Almost one million Nissan vehicles recalled in the U.S. in 2013 and 2014 for air bag sensor issues are now under federal investigation following accusations that the problem was not fixed.
According to Reuters, the approximately 990,000 Nissan vehicles previously recalled in 2013 and 2014 were experiencing troubles with the computer software not recognizing when an adult was in the passenger seat. As a result, the passenger’s side airbags would not be deployed, putting innocent lives at risk of injury or even death.
At least 124 recall repair complaints were filed with the National Highway Traffic Safety Administration (NHTSA) before the agency opened a “recall query” to better assess the recall fix’s effectiveness, which consisted of a simple software update.
Nissan, however, disagrees with the complaints, claiming that the company not only used the proper software update, but even took additional steps to ensure customer concerns were correctly handled by Nissan dealers. Neither Nissan nor NHTSA representatives have been made available for comment on the investigation.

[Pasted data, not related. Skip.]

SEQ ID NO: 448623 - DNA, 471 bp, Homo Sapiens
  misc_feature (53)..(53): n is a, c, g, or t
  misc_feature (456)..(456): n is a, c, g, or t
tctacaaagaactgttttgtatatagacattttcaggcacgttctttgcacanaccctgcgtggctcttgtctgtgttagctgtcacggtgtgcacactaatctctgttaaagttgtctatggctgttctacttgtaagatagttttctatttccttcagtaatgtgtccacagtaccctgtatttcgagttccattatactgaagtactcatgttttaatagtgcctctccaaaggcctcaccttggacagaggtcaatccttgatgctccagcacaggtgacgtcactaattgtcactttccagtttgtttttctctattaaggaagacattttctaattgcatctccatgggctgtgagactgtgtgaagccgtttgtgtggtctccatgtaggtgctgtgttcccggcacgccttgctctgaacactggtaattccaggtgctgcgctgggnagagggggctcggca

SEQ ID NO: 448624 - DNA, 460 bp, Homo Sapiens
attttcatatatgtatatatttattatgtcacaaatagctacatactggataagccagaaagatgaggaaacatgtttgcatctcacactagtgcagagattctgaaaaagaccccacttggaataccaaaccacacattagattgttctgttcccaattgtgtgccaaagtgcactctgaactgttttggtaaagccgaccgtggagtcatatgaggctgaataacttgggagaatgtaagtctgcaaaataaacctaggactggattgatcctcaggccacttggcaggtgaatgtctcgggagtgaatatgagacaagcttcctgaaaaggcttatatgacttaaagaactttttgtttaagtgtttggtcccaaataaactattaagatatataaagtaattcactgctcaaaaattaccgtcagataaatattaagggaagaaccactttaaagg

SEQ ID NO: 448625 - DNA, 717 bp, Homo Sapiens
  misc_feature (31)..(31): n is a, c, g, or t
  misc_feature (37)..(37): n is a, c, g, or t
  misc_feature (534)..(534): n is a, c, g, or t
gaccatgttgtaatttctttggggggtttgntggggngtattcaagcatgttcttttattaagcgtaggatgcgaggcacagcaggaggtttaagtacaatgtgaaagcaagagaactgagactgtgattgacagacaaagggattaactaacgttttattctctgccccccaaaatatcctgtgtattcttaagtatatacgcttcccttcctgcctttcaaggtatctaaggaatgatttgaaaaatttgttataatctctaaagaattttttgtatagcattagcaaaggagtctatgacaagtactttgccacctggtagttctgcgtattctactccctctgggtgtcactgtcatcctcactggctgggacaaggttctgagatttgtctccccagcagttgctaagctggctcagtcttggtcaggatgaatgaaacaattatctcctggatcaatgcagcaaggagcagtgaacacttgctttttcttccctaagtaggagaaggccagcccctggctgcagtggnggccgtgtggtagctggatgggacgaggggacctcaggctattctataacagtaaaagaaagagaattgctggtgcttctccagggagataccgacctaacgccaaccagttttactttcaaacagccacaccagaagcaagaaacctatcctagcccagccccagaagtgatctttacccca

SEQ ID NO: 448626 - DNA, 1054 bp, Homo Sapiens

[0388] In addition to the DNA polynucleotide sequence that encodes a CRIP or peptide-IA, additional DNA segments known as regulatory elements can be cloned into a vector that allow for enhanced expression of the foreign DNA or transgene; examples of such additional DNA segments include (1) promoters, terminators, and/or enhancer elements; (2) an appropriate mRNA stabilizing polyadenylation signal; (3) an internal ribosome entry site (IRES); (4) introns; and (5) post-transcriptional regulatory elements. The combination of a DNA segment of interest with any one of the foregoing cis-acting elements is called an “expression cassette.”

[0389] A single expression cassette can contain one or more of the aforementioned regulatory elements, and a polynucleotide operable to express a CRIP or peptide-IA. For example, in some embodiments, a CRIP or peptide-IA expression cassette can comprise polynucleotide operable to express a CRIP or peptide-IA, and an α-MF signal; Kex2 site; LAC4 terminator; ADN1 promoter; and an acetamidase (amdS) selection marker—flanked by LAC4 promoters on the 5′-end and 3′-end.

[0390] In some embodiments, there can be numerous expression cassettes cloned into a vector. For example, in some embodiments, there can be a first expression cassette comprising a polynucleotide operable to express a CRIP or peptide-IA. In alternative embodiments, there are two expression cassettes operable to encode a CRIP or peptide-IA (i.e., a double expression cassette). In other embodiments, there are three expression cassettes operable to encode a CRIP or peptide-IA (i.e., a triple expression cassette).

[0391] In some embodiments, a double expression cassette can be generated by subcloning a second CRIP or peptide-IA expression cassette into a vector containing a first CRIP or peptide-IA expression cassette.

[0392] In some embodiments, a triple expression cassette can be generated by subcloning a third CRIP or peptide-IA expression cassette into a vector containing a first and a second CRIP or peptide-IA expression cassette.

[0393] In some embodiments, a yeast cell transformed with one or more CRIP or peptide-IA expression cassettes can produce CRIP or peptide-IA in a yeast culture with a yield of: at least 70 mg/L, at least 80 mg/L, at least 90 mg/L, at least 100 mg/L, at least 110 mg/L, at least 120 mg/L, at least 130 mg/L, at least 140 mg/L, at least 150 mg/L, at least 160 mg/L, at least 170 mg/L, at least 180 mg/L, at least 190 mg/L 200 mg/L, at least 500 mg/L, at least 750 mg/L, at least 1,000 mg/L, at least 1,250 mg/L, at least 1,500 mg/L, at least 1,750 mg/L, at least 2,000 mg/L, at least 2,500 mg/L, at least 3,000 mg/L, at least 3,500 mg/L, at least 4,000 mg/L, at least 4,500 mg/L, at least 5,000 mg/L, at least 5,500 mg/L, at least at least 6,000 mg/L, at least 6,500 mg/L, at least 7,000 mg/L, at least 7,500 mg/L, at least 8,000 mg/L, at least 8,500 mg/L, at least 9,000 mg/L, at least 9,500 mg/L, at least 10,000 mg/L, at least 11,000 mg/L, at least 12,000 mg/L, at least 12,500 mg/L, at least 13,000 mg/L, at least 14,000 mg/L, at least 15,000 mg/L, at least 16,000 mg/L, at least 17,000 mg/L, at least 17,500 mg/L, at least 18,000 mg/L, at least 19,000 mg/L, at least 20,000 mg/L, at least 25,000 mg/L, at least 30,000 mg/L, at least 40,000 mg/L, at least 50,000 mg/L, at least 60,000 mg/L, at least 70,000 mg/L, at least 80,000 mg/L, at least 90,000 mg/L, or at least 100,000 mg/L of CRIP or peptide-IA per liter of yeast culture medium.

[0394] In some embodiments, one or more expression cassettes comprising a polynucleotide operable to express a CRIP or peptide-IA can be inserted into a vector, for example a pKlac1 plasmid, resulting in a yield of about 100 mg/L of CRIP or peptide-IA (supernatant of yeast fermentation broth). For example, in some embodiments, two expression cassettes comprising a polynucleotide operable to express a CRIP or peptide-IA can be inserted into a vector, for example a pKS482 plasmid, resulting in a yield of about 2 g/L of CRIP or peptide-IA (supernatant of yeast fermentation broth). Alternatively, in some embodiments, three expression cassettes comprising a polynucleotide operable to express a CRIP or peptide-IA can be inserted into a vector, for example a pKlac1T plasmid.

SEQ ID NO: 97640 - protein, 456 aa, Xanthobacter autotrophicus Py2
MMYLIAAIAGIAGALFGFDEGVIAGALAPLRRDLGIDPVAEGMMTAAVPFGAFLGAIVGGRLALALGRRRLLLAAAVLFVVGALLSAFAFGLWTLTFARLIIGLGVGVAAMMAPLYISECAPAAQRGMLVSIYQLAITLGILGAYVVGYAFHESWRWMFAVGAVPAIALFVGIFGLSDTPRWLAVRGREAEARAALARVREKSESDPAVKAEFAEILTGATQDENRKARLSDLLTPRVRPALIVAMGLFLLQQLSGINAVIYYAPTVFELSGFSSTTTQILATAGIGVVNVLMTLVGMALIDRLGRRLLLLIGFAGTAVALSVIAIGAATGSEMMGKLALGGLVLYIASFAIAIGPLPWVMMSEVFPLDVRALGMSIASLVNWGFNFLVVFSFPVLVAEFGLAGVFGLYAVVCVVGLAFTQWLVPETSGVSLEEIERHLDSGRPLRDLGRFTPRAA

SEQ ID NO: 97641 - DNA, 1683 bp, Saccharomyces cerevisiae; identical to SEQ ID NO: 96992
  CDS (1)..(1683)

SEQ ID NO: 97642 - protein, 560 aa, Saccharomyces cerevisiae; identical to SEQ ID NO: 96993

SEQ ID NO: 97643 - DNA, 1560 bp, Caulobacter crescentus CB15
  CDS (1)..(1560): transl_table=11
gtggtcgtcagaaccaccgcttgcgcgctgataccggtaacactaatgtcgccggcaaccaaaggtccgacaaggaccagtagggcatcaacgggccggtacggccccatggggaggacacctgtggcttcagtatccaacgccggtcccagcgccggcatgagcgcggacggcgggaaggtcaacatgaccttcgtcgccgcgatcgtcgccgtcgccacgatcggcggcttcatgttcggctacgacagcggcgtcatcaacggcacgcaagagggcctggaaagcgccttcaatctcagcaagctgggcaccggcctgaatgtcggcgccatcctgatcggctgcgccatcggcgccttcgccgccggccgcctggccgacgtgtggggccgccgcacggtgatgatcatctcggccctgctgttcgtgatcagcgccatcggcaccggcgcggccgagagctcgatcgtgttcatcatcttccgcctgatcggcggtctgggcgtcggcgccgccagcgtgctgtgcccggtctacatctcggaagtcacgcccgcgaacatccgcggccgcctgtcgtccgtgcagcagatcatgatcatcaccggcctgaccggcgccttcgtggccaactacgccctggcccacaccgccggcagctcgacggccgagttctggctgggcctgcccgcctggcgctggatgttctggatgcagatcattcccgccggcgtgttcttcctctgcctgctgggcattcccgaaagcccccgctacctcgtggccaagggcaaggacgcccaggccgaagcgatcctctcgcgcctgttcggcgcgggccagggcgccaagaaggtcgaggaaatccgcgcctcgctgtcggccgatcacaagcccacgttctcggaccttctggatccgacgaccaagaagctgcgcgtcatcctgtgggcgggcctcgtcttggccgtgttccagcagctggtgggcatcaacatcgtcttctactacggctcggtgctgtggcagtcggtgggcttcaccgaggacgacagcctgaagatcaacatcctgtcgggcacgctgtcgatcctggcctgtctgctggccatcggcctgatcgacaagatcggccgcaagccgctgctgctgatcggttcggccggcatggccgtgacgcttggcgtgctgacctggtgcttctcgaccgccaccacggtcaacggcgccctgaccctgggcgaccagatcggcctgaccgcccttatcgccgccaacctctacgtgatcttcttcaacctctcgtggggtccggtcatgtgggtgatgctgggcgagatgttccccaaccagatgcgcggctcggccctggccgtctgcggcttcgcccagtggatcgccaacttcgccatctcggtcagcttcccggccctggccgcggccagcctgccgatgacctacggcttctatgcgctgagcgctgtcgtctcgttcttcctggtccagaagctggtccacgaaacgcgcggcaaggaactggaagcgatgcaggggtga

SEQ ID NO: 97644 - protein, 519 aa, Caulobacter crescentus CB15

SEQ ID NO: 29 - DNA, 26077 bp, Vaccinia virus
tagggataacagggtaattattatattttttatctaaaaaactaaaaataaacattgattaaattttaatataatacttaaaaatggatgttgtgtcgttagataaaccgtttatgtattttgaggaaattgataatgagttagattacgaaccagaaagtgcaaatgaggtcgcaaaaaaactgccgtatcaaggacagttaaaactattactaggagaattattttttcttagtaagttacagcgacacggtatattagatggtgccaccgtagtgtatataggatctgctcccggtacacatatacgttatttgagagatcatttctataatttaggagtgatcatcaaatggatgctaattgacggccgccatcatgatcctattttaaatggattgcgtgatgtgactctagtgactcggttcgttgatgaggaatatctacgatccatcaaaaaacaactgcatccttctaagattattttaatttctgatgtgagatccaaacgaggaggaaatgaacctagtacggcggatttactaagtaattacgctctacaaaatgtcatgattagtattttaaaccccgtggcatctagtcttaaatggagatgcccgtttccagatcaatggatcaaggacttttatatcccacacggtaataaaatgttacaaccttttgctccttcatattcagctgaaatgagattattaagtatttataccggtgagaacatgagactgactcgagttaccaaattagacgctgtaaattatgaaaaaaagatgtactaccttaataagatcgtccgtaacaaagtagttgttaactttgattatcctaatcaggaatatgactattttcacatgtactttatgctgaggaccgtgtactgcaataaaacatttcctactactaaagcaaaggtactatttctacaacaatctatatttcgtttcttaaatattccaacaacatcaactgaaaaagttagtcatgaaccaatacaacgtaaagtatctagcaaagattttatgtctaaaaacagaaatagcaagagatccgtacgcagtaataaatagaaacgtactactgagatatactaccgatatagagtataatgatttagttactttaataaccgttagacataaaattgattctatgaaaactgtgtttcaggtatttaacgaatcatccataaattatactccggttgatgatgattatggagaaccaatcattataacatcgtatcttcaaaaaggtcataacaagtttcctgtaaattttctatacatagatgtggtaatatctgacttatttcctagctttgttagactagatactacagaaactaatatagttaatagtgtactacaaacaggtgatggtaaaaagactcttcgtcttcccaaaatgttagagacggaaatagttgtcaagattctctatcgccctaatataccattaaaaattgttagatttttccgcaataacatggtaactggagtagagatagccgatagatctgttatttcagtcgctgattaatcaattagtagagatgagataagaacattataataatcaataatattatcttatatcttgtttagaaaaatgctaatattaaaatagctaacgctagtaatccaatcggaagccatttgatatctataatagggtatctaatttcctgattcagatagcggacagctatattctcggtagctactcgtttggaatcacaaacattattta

Nissan and Infiniti owners affected by the air bag sensor recall complained specifically about the passenger air bag status light, which despite having been repaired, does not correctly identify when an adult is sitting in the seat.
Vehicles affected by the previous Nissan air bag sensor recalls include the model year 2013 and 2014 Altima, Leaf, Pathfinder and Sentra; the model year 2013 NV200 and Infiniti JX35; and the 2014 model year Infiniti QX60 and Q50.
NHTSA reports that two accidents in which the passenger airbag did not deploy may have been linked to the software issue, but a Nissan spokesman said the company was unable to uncover if the failed deployment was caused by the software problem.